Rongton Buddhist Training College

Lama Choedak RInpoche

Weekly philosophy classes in Canberra with Rinpoche

Each term Lama Choedak Rinpoche teaches on a different topic of Buddhism in the Rongton Buddhist Training College. The teachings, which have been running since 1997, are held at our centre in Evatt, ACT. This is an extraordinary opportunity to receive teachings from one of the most highly regarded Tibetan Buddhist teachers residing in the west.

Go to Classes to find out which topic Rinpoche is teaching on this term and the location of our Evatt centre,.

Rongton Distance Education Programme

For at least the last 8 years, all the teachings that Rinpoche and other visiting teachers have taught have been recorded. This represents an enormous archive which is accessible by contacting the office or visiting our shops. You can enjoy these teachings in one of following ways:

Rongton Distance Education - This programme has been established to make the teachings accessible to everyone. Students may take the course on their own, in part or whole, but are encouraged to form study groups when possible. The programme covers most of the fundamental features of Theravada, Mahayana, and Vajrayana traditions, their philosophy, history, teachings and practices, delivered in a style both traditional and modern. The most benefit is to be gained from studying the full 5 years, but students can participate on a casual basis.  An enrolment form can be sent to the Rongton Distance Coordinator to commence.

Dharma Study Groups - There are more than twenty sister centres around Australia and New Zealand affiliated with Sakya Losal Choe Dzong which Rinpoche visits regularly. Many of the centres have weekly study groups that listen to recordings of teachings that Rinpoche has conducted in Canberra. These recordings include live webcasts of Rinpoche's Tuesday philosophy classes on topics like "Introduction to Vajrayana Buddhism".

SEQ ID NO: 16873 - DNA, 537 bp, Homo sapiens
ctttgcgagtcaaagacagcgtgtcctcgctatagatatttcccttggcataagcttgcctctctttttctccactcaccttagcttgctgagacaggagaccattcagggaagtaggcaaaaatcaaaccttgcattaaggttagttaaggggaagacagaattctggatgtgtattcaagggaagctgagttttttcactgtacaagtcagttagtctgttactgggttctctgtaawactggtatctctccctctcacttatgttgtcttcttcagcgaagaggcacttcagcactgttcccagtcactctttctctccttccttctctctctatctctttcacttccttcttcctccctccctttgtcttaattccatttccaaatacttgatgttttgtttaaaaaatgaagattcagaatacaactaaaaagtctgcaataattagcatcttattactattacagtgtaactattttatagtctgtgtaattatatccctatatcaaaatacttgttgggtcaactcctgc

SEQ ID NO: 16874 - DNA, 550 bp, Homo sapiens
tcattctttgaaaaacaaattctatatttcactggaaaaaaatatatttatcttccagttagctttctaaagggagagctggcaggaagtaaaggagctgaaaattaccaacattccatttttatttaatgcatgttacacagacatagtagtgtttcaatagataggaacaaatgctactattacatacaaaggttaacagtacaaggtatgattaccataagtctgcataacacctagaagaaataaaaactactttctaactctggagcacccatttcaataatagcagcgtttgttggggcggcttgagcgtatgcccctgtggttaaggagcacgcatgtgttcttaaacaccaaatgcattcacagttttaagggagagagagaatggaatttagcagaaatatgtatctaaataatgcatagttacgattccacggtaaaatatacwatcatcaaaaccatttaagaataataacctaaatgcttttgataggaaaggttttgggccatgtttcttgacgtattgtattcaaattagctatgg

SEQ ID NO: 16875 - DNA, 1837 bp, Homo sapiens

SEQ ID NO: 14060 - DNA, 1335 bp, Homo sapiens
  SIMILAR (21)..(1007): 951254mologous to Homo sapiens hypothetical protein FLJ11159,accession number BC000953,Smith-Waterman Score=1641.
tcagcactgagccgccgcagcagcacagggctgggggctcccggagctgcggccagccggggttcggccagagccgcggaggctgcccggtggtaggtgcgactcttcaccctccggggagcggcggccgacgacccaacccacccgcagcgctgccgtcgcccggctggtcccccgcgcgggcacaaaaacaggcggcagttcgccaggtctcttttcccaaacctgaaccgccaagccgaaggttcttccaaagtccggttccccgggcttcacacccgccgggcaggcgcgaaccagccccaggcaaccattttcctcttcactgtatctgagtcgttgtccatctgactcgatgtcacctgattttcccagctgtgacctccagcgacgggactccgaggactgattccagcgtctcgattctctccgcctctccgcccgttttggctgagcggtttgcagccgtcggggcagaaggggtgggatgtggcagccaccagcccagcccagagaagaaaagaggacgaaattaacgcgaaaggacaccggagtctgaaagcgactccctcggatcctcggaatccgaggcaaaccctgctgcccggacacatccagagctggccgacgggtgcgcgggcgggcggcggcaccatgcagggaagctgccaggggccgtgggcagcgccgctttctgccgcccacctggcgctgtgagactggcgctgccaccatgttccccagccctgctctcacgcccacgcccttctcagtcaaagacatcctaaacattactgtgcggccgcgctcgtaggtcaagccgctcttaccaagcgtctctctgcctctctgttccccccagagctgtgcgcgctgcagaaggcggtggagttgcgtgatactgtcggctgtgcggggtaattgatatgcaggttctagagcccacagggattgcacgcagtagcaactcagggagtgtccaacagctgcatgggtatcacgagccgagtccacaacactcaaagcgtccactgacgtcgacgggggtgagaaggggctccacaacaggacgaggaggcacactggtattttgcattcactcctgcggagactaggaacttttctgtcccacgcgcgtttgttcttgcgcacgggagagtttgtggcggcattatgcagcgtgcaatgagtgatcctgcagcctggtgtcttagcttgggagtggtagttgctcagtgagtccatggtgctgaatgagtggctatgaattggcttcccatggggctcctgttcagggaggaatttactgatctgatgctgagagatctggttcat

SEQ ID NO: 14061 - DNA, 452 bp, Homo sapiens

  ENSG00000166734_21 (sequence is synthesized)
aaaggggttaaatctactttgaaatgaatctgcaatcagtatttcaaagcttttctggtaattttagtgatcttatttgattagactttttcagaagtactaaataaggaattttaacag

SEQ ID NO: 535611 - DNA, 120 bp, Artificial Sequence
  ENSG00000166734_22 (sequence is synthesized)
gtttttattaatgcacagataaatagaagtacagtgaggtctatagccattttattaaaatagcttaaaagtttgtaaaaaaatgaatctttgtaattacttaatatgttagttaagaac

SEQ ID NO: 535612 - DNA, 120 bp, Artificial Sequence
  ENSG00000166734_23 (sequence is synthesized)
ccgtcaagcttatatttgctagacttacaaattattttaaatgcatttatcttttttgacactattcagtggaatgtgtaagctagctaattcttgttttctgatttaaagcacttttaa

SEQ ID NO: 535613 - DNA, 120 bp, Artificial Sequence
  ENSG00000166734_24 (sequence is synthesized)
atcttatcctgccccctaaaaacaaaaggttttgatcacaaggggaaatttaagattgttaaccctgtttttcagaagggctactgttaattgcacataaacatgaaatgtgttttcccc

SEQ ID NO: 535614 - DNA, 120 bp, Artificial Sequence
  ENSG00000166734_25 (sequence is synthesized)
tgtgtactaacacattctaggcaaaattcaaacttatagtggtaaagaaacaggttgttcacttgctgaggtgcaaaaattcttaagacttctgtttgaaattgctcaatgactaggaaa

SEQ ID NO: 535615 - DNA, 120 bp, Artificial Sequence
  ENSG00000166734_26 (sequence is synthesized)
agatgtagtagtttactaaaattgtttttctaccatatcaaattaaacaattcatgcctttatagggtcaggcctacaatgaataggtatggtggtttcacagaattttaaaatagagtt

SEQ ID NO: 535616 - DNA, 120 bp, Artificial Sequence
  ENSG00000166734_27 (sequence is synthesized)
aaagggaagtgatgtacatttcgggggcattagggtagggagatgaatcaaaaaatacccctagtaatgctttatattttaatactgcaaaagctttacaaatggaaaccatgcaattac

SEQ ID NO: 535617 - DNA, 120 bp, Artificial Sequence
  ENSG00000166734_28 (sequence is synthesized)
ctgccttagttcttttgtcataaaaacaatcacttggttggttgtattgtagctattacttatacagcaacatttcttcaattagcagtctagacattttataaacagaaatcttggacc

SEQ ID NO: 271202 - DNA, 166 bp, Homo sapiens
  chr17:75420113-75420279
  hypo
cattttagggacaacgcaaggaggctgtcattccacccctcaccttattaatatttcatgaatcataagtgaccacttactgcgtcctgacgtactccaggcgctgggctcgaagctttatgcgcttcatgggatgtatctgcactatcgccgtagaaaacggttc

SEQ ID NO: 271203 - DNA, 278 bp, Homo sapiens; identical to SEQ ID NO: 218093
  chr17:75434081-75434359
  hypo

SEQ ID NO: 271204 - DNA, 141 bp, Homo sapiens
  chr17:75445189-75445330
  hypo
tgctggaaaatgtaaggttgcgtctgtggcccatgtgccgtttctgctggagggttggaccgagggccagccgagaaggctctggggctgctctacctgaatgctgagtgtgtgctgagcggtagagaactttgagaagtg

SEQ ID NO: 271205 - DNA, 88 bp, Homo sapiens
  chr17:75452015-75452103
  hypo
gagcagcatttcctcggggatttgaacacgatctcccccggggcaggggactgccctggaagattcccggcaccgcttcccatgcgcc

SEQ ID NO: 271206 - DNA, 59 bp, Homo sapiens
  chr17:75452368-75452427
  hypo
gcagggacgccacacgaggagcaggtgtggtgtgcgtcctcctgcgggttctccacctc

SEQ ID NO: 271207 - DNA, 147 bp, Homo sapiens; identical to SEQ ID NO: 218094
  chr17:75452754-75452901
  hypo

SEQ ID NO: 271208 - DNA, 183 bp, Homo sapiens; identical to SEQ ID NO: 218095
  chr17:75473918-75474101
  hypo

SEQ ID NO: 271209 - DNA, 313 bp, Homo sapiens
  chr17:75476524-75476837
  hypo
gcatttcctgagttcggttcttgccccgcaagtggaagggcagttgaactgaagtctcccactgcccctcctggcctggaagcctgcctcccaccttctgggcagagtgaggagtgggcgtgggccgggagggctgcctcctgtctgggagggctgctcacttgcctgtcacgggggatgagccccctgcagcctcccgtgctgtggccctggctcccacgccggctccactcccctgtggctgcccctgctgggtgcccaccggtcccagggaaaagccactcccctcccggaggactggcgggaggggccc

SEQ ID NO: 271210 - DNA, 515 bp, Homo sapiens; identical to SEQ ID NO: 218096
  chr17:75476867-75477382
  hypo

DIY - You can purchase any teachings on CD/MP3 and listen to them at home. Click here to access the full schedule of recordings.  

Rongton Sheja Kunrig (1367-1449).

Rongton Buddhist Training College is named after Rongton Sheja Kunrig who founded Nalendra monastery in 1436, naming it after the famed Nalanda Mahavihara (university) near Rajgir in India. Kamalashila and Acharya Sinhabhadra are the two of the many past incarnations that Rongton has acknowledged as his predecessors. Rongton was a celebrated disciple of Mahapandita Vanaratana of India, and also the Tibetan teachers Yakton Sangye Pal and Thekchen Choeje Kunga Tashi (1349-1425) - as such he became a jewel in the crown of all the Tibetan scholars.

His collected writings cover sixty major subjects in the Buddhist scriptures. These included the complete commentaries on the Five Dharmas of Maitreya, the only extant commentary on Kamalashila's Bhavanakarma: Stages of Meditation; and some monumental commentaries on Vinaya and Prajnaparamita. Rongton's works are respected and studied by all the schools of Tibetan Buddhism.

He was the teacher of many eminent scholars such as Tashi Namgyal, Choeje Gewa Gyaltsen, Gorampa Sonam Senge (1429-1489), Panchen Shakya Chogden (1428-1507), the first Panchen Gendun Drupa (1475-1542), Gungru Sherab Sangpo, and many others. Sakyapas proudly claim to hold the views and doctrines of Gorampa, but Gorampa would have given the credit to his eminent teacher, Rongton. Most rivers have their source in the high mountains, and in this respect Rongton is acknowledged as having attained the sixth bhumi. Tsongkhapa is among the many undisputed masters who recognised Rongton as an emanation of Maitreya.

Lama Choedak Rinpoche has a particular affinity with Rongton's work, and Rongton Buddhist Training College was founded with the blessings of His Eminence Chogye Trichen Rinpoche, holder of Rongton's throne, during His visit to Australia in 1997. Lama Choedak Rinpoche has translated and taught from Rongton's works on the Perfection of Wisdom, Mahayanasutralankara, and Stages of Meditation.

Quote of the Day

“Human happiness and human satisfaction must ultimately come from within oneself. It is wrong to expect some final satisfaction to come from money or from a computer. Do not dwell in the past, do not dream of the future, concentrate the mind on the present moment. ”
The Dalai Lama